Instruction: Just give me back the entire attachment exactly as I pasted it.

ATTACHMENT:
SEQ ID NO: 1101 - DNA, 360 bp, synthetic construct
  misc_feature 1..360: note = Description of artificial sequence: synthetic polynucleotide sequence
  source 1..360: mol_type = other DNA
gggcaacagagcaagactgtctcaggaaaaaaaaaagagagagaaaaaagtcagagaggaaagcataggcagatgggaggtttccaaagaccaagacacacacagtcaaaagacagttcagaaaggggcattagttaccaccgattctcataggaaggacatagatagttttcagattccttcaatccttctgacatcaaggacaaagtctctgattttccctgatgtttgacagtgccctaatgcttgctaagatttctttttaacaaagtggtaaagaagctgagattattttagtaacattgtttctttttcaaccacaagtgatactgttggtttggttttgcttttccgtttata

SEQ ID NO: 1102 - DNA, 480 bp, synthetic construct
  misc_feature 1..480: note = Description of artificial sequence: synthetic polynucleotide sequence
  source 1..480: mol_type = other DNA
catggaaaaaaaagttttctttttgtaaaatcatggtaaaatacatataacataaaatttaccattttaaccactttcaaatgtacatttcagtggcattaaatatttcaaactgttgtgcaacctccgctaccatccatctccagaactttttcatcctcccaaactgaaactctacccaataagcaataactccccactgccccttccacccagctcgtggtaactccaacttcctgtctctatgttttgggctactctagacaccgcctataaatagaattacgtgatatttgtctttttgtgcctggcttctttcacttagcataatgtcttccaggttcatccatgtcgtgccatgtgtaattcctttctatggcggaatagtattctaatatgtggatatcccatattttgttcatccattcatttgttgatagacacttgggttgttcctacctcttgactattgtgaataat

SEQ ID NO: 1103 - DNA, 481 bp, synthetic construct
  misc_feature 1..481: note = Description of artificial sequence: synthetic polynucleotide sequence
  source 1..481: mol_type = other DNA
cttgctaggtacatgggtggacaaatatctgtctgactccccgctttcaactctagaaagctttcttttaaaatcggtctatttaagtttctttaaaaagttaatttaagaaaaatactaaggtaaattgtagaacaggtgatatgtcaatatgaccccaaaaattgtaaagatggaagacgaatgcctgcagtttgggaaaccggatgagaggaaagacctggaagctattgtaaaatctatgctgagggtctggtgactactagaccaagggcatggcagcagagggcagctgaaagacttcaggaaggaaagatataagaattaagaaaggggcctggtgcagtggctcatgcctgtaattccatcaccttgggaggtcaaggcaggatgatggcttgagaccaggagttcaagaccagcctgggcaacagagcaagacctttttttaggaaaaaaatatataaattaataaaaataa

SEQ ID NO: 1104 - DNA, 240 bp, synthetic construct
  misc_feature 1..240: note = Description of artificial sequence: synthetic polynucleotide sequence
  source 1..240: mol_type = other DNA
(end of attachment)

SEQ ID NO: 1101 - DNA, 360 bp, synthetic construct
  misc_feature 1..360: note = Description of artificial sequence: synthetic polynucleotide sequence
  source 1..360: mol_type = other DNA
gggcaacagagcaagactgtctcaggaaaaaaaaaagagagagaaaaaagtcagagaggaaagcataggcagatgggaggtttccaaagaccaagacacacacagtcaaaagacagttcagaaaggggcattagttaccaccgattctcataggaaggacatagatagttttcagattccttcaatccttctgacatcaaggacaaagtctctgattttccctgatgtttgacagtgccctaatgcttgctaagatttctttttaacaaagtggtaaagaagctgagattattttagtaacattgtttctttttcaaccacaagtgatactgttggtttggttttgcttttccgtttata

SEQ ID NO: 1102 - DNA, 480 bp, synthetic construct
  misc_feature 1..480: note = Description of artificial sequence: synthetic polynucleotide sequence
  source 1..480: mol_type = other DNA
catggaaaaaaaagttttctttttgtaaaatcatggtaaaatacatataacataaaatttaccattttaaccactttcaaatgtacatttcagtggcattaaatatttcaaactgttgtgcaacctccgctaccatccatctccagaactttttcatcctcccaaactgaaactctacccaataagcaataactccccactgccccttccacccagctcgtggtaactccaacttcctgtctctatgttttgggctactctagacaccgcctataaatagaattacgtgatatttgtctttttgtgcctggcttctttcacttagcataatgtcttccaggttcatccatgtcgtgccatgtgtaattcctttctatggcggaatagtattctaatatgtggatatcccatattttgttcatccattcatttgttgatagacacttgggttgttcctacctcttgactattgtgaataat

SEQ ID NO: 1103 - DNA, 481 bp, synthetic construct
  misc_feature 1..481: note = Description of artificial sequence: synthetic polynucleotide sequence
  source 1..481: mol_type = other DNA
cttgctaggtacatgggtggacaaatatctgtctgactccccgctttcaactctagaaagctttcttttaaaatcggtctatttaagtttctttaaaaagttaatttaagaaaaatactaaggtaaattgtagaacaggtgatatgtcaatatgaccccaaaaattgtaaagatggaagacgaatgcctgcagtttgggaaaccggatgagaggaaagacctggaagctattgtaaaatctatgctgagggtctggtgactactagaccaagggcatggcagcagagggcagctgaaagacttcaggaaggaaagatataagaattaagaaaggggcctggtgcagtggctcatgcctgtaattccatcaccttgggaggtcaaggcaggatgatggcttgagaccaggagttcaagaccagcctgggcaacagagcaagacctttttttaggaaaaaaatatataaattaataaaaataa

SEQ ID NO: 1104 - DNA, 240 bp, synthetic construct
  misc_feature 1..240: note = Description of artificial sequence: synthetic polynucleotide sequence
  source 1..240: mol_type = other DNA